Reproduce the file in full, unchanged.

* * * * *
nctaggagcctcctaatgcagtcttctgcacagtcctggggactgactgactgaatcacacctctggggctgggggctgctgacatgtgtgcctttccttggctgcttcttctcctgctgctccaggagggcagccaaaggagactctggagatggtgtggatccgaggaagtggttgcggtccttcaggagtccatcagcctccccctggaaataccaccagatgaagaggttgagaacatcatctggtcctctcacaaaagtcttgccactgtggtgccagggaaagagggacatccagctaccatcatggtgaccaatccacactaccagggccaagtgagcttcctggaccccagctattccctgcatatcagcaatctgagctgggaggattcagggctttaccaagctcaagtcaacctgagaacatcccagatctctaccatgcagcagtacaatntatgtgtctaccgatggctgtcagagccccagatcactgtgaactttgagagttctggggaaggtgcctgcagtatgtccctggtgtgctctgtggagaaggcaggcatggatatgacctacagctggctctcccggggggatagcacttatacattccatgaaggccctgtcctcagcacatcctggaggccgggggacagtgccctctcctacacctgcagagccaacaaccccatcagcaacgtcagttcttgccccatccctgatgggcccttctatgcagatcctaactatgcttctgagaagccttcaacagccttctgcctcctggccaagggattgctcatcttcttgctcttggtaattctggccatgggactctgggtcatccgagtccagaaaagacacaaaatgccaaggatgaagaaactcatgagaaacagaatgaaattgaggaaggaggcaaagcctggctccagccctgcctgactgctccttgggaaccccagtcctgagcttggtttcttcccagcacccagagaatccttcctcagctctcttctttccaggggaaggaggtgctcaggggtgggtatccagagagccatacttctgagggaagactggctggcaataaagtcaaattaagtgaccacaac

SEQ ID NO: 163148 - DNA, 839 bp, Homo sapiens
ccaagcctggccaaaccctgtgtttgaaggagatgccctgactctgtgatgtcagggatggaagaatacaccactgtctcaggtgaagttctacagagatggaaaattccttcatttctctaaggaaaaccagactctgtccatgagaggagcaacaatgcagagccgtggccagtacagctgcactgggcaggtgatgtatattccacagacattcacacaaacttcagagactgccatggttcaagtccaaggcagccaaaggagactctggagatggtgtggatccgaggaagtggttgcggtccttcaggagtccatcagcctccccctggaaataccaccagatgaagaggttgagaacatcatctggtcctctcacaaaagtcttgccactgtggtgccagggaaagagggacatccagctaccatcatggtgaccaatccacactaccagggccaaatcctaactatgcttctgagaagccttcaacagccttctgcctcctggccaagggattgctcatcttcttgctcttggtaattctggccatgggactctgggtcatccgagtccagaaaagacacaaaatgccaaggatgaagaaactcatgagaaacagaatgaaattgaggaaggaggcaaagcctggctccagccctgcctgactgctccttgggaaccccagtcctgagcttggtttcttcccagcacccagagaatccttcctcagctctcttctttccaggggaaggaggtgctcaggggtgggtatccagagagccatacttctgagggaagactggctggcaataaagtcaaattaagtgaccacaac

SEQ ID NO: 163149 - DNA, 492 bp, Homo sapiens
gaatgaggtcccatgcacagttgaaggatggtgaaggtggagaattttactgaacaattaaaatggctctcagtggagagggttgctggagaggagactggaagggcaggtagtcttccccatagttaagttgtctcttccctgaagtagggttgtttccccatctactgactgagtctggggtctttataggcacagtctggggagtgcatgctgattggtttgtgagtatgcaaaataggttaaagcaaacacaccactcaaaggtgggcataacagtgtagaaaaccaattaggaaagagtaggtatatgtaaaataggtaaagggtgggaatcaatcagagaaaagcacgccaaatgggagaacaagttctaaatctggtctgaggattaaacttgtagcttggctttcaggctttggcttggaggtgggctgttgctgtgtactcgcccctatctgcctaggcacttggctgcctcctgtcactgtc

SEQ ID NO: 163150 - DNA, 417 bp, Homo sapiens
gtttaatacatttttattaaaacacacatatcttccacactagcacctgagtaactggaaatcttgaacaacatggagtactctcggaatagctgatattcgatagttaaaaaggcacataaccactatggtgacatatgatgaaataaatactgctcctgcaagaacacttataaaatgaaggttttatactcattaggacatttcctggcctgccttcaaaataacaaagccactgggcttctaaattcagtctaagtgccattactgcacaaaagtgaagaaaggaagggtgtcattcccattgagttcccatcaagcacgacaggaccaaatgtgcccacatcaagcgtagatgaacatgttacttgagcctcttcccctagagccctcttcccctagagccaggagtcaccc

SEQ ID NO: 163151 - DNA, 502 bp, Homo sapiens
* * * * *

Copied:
nctaggagcctcctaatgcagtcttctgcacagtcctggggactgactgactgaatcacacctctggggctgggggctgctgacatgtgtgcctttccttggctgcttcttctcctgctgctccaggagggcagccaaaggagactctggagatggtgtggatccgaggaagtggttgcggtccttcaggagtccatcagcctccccctggaaataccaccagatgaagaggttgagaacatcatctggtcctctcacaaaagtcttgccactgtggtgccagggaaagagggacatccagctaccatcatggtgaccaatccacactaccagggccaagtgagcttcctggaccccagctattccctgcatatcagcaatctgagctgggaggattcagggctttaccaagctcaagtcaacctgagaacatcccagatctctaccatgcagcagtacaatntatgtgtctaccgatggctgtcagagccccagatcactgtgaactttgagagttctggggaaggtgcctgcagtatgtccctggtgtgctctgtggagaaggcaggcatggatatgacctacagctggctctcccggggggatagcacttatacattccatgaaggccctgtcctcagcacatcctggaggccgggggacagtgccctctcctacacctgcagagccaacaaccccatcagcaacgtcagttcttgccccatccctgatgggcccttctatgcagatcctaactatgcttctgagaagccttcaacagccttctgcctcctggccaagggattgctcatcttcttgctcttggtaattctggccatgggactctgggtcatccgagtccagaaaagacacaaaatgccaaggatgaagaaactcatgagaaacagaatgaaattgaggaaggaggcaaagcctggctccagccctgcctgactgctccttgggaaccccagtcctgagcttggtttcttcccagcacccagagaatccttcctcagctctcttctttccaggggaaggaggtgctcaggggtgggtatccagagagccatacttctgagggaagactggctggcaataaagtcaaattaagtgaccacaac

SEQ ID NO: 163148 - DNA, 839 bp, Homo sapiens
ccaagcctggccaaaccctgtgtttgaaggagatgccctgactctgtgatgtcagggatggaagaatacaccactgtctcaggtgaagttctacagagatggaaaattccttcatttctctaaggaaaaccagactctgtccatgagaggagcaacaatgcagagccgtggccagtacagctgcactgggcaggtgatgtatattccacagacattcacacaaacttcagagactgccatggttcaagtccaaggcagccaaaggagactctggagatggtgtggatccgaggaagtggttgcggtccttcaggagtccatcagcctccccctggaaataccaccagatgaagaggttgagaacatcatctggtcctctcacaaaagtcttgccactgtggtgccagggaaagagggacatccagctaccatcatggtgaccaatccacactaccagggccaaatcctaactatgcttctgagaagccttcaacagccttctgcctcctggccaagggattgctcatcttcttgctcttggtaattctggccatgggactctgggtcatccgagtccagaaaagacacaaaatgccaaggatgaagaaactcatgagaaacagaatgaaattgaggaaggaggcaaagcctggctccagccctgcctgactgctccttgggaaccccagtcctgagcttggtttcttcccagcacccagagaatccttcctcagctctcttctttccaggggaaggaggtgctcaggggtgggtatccagagagccatacttctgagggaagactggctggcaataaagtcaaattaagtgaccacaac

SEQ ID NO: 163149 - DNA, 492 bp, Homo sapiens
gaatgaggtcccatgcacagttgaaggatggtgaaggtggagaattttactgaacaattaaaatggctctcagtggagagggttgctggagaggagactggaagggcaggtagtcttccccatagttaagttgtctcttccctgaagtagggttgtttccccatctactgactgagtctggggtctttataggcacagtctggggagtgcatgctgattggtttgtgagtatgcaaaataggttaaagcaaacacaccactcaaaggtgggcataacagtgtagaaaaccaattaggaaagagtaggtatatgtaaaataggtaaagggtgggaatcaatcagagaaaagcacgccaaatgggagaacaagttctaaatctggtctgaggattaaacttgtagcttggctttcaggctttggcttggaggtgggctgttgctgtgtactcgcccctatctgcctaggcacttggctgcctcctgtcactgtc

SEQ ID NO: 163150 - DNA, 417 bp, Homo sapiens
gtttaatacatttttattaaaacacacatatcttccacactagcacctgagtaactggaaatcttgaacaacatggagtactctcggaatagctgatattcgatagttaaaaaggcacataaccactatggtgacatatgatgaaataaatactgctcctgcaagaacacttataaaatgaaggttttatactcattaggacatttcctggcctgccttcaaaataacaaagccactgggcttctaaattcagtctaagtgccattactgcacaaaagtgaagaaaggaagggtgtcattcccattgagttcccatcaagcacgacaggaccaaatgtgcccacatcaagcgtagatgaacatgttacttgagcctcttcccctagagccctcttcccctagagccaggagtcaccc

SEQ ID NO: 163151 - DNA, 502 bp, Homo sapiens